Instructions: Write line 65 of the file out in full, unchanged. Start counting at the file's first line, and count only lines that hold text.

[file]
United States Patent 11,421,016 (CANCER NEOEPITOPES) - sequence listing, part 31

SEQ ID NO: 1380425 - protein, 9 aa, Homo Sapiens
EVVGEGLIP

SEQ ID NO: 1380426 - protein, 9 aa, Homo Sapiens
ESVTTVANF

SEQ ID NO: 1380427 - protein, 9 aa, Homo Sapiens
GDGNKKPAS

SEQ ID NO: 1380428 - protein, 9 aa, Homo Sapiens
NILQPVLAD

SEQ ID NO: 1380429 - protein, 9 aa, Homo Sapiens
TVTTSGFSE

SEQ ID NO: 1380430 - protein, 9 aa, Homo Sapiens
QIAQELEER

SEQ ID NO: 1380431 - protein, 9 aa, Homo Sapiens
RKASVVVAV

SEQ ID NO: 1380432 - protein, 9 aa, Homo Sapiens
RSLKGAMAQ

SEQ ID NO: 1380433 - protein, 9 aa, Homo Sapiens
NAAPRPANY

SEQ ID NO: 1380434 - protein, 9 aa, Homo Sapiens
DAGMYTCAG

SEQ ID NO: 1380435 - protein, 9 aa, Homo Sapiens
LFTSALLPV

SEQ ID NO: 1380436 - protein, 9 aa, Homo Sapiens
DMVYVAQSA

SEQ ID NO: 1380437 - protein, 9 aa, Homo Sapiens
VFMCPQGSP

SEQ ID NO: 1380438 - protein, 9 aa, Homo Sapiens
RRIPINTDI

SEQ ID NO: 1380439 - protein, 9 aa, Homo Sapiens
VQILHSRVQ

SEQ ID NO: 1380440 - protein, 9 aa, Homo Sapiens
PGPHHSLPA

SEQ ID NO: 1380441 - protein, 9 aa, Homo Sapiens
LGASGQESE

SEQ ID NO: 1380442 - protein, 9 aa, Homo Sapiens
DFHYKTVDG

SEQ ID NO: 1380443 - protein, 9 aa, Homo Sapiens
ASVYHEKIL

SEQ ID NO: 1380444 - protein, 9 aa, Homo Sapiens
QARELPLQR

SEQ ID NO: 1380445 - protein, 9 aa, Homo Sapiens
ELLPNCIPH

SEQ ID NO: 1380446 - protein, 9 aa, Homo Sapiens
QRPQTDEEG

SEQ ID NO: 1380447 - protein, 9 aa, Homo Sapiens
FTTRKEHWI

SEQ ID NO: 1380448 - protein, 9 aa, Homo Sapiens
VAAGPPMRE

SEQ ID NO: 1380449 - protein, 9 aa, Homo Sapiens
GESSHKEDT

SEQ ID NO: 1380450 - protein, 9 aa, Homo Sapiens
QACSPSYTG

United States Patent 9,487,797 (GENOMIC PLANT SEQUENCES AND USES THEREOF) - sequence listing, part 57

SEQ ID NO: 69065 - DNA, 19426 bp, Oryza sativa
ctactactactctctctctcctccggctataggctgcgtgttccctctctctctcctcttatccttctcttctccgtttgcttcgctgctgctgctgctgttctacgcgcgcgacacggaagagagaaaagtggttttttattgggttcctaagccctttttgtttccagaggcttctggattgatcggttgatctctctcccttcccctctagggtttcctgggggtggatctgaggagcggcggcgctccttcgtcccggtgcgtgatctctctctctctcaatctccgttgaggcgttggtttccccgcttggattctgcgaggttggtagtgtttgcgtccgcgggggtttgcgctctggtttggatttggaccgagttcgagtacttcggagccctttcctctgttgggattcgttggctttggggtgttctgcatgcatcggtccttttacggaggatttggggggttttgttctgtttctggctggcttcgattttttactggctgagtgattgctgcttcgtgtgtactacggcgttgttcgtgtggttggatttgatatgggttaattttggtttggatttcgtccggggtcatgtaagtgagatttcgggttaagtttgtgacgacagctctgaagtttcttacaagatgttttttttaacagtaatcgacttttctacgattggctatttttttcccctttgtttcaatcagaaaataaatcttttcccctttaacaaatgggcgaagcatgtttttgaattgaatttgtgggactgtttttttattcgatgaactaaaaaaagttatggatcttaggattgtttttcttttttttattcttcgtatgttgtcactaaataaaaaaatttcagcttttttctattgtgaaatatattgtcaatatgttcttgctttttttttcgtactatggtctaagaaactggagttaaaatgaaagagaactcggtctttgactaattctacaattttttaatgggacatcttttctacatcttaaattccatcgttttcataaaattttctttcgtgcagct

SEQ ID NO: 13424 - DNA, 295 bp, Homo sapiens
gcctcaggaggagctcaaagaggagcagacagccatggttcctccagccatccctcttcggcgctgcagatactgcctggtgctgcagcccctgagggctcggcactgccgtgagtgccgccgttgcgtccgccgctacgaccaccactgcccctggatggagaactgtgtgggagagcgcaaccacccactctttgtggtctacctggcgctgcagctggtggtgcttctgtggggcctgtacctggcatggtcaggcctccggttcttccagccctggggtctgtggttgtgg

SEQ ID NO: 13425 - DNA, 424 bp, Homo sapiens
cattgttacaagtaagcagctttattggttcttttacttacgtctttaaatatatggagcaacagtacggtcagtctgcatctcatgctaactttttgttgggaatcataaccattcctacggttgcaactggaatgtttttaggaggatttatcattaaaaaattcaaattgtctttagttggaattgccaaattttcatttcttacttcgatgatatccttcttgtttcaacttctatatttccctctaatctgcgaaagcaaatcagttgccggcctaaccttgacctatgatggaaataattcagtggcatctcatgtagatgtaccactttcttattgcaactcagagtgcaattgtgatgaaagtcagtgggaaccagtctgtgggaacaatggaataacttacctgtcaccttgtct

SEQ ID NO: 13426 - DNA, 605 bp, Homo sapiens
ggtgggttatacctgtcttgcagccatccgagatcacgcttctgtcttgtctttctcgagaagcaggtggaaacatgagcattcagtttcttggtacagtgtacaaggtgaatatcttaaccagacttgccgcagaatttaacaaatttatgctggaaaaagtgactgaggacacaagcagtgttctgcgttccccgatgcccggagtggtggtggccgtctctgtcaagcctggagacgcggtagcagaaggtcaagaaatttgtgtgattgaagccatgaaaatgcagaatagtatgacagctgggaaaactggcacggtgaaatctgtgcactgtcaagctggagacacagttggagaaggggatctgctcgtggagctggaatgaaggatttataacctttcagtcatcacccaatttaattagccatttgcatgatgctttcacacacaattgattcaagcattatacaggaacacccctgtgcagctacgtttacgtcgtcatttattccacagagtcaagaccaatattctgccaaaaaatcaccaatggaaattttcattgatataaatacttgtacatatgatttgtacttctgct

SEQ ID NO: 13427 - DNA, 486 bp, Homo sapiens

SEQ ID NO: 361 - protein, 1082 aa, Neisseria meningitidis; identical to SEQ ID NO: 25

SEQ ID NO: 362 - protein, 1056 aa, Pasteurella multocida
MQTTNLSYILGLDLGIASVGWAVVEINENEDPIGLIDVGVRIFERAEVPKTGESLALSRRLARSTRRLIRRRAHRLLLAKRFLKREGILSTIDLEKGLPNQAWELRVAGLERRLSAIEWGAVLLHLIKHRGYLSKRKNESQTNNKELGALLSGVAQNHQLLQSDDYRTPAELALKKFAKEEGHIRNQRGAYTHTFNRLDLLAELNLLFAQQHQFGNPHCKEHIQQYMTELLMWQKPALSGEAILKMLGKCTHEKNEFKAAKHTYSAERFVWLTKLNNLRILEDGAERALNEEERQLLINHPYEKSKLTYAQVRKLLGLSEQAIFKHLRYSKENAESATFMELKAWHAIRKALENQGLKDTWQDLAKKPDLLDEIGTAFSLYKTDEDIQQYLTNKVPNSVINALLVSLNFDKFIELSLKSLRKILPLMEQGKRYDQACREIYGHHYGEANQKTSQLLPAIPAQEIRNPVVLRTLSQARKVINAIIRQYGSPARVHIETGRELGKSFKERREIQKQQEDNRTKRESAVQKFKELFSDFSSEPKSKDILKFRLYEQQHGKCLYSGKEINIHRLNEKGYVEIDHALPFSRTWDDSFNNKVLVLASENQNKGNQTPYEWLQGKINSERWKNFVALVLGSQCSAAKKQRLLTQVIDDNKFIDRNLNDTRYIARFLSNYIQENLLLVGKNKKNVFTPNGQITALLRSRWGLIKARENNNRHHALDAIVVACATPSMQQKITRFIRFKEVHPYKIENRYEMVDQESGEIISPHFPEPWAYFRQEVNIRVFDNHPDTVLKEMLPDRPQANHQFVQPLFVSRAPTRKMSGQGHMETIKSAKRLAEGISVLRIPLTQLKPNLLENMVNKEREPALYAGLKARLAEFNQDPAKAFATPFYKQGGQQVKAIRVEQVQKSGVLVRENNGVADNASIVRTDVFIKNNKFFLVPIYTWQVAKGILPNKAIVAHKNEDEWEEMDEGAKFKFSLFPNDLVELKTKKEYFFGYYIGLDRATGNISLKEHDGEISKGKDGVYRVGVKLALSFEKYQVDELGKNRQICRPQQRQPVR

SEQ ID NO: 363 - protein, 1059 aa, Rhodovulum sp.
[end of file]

SEQ ID NO: 362 - protein, 1056 aa, Pasteurella multocida